Hundreds of teachers are using a new citizenship website which explores the debate about what it means to be British. Supported by Chancellor Gordon Brown, it provides lesson materials and suggestions of activities for students sged 11 to 16.
Mr Brown met pupils to discuss what it means to be British when he launched the website recently at a school in east London. He asked the teenagers about British icons and heroes, fish and chips and pie and mash.
Private Johnson Beharry, an Iraq war hero, was singled out by pupils as a great Briton of 2006. They also identified Britain's tolerance and its protection of freedom of speech. Among the questions they asked the Chancellor was how Britain's relationship with Europe was affected by links with the United States. Mr Brown said: "We have a lot in common with the US as well."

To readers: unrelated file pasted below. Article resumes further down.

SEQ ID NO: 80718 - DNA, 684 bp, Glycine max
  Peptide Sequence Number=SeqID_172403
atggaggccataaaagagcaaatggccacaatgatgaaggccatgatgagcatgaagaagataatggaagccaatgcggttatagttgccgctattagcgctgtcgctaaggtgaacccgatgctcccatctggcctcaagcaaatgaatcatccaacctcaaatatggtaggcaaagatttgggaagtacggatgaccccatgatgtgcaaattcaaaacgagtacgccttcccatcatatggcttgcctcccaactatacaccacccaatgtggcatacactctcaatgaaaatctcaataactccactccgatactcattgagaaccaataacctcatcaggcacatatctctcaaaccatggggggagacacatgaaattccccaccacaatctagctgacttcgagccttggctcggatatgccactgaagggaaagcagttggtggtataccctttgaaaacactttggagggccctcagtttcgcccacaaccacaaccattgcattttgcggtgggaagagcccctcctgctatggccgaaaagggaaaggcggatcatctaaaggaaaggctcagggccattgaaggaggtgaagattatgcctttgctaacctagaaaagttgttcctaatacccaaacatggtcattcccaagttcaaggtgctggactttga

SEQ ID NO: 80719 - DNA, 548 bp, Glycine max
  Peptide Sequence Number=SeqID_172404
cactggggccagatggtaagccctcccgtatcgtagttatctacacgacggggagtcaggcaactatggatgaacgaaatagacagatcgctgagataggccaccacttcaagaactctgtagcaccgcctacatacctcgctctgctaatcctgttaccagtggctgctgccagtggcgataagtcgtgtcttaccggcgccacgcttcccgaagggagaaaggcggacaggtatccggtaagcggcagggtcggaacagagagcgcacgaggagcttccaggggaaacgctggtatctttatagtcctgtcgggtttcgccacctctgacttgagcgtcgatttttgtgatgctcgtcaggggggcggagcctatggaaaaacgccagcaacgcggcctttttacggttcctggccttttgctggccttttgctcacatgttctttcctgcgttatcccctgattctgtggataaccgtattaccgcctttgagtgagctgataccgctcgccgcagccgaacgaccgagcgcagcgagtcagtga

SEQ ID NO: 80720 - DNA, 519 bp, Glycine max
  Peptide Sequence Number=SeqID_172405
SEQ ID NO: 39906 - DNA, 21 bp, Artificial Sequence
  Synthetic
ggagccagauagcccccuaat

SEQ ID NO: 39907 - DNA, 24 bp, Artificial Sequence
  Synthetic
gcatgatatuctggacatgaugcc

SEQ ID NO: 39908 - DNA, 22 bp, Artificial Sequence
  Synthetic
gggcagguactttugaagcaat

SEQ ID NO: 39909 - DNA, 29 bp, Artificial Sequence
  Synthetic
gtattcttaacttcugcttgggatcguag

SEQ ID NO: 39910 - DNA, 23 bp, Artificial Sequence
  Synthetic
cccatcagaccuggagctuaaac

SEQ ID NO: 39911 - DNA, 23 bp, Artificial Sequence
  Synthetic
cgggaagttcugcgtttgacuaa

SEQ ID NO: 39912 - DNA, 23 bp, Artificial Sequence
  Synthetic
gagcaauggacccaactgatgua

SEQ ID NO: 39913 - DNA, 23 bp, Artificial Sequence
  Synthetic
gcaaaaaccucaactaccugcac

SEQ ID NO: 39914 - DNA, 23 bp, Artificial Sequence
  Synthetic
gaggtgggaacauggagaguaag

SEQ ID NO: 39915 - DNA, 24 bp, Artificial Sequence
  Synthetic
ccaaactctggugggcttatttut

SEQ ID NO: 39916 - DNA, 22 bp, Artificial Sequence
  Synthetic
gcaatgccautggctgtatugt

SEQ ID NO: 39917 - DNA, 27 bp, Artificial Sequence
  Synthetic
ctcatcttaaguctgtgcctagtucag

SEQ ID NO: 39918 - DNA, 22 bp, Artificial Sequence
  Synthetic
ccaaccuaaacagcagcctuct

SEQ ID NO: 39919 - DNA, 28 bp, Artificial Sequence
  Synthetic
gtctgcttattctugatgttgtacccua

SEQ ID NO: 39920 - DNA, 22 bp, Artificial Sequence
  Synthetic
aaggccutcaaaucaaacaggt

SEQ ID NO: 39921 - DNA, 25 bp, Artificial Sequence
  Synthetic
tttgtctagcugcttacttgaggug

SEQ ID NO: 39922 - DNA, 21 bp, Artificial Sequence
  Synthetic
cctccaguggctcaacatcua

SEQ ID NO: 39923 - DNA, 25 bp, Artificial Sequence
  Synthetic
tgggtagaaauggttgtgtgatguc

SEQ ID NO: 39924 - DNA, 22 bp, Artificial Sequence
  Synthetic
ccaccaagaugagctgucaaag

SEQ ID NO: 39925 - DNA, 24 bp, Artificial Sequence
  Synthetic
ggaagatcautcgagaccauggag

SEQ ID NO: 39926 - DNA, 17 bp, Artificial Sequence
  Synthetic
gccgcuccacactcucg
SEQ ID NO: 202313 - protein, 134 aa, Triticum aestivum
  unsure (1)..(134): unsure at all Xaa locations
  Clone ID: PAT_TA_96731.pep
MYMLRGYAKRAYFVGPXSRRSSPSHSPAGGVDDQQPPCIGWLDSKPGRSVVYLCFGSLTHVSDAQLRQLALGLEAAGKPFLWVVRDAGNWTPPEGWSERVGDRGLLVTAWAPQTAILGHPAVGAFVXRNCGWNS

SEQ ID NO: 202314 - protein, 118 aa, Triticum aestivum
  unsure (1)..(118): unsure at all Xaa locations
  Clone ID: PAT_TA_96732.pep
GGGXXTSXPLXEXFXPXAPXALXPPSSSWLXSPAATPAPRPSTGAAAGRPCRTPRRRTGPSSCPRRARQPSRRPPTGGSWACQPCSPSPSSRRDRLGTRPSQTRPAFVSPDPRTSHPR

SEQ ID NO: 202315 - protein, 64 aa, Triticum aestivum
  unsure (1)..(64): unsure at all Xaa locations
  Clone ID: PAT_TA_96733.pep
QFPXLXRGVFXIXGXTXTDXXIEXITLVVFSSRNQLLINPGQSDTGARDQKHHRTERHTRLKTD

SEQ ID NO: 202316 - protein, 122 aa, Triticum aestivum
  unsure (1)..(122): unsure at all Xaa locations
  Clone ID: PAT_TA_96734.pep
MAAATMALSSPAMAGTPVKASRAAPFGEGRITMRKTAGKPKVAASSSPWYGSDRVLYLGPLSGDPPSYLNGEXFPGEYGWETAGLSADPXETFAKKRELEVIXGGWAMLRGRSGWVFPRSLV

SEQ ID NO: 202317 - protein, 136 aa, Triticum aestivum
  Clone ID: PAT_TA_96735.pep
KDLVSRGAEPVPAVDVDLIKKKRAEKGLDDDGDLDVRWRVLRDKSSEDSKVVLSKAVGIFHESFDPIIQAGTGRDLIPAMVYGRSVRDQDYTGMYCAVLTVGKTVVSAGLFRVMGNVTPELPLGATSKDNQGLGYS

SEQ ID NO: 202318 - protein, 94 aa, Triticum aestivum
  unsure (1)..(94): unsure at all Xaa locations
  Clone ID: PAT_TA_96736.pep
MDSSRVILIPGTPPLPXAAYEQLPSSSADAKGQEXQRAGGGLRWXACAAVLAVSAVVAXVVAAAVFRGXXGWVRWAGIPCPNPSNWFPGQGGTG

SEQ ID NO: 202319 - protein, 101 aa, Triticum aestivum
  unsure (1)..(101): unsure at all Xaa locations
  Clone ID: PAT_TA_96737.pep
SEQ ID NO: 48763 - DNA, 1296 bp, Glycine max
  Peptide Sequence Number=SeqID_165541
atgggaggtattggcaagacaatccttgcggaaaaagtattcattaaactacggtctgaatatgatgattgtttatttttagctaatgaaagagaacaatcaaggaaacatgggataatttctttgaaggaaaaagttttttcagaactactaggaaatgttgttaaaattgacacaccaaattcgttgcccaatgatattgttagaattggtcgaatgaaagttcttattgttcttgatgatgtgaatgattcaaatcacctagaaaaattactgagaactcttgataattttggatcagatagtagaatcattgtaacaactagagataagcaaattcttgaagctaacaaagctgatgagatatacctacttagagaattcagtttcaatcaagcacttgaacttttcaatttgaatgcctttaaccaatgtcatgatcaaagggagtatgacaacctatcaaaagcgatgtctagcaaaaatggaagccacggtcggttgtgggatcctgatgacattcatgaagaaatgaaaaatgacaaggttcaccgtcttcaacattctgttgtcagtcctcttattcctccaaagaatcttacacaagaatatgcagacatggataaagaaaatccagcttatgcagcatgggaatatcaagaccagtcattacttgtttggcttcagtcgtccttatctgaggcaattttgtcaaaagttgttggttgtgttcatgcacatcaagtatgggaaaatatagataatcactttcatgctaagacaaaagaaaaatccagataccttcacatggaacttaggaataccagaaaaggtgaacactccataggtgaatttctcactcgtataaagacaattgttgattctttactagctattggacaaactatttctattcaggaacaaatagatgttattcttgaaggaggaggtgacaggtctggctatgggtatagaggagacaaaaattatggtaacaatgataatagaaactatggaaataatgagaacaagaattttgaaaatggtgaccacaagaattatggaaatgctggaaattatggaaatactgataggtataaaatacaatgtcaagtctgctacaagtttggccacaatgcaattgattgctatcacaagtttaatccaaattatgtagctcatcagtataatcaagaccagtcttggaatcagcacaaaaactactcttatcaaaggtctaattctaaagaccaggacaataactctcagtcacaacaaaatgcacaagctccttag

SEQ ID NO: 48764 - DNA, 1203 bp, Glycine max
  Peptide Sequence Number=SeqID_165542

The interactive website is tied to an annual competition run by the financial company Morgan Stanley to award Britons in seven categories: arts, business, campaigning, creative industries, public life, science and innovation, and sport.
The winners for the 2006 awards, the third to be held, will be announced in January.
Baldev Singh, a teacher and former national teaching awards winner who helped set up the website, said: "This is an important resource for teachers as it will give them guidance on how to approach a potentially very difficult subject."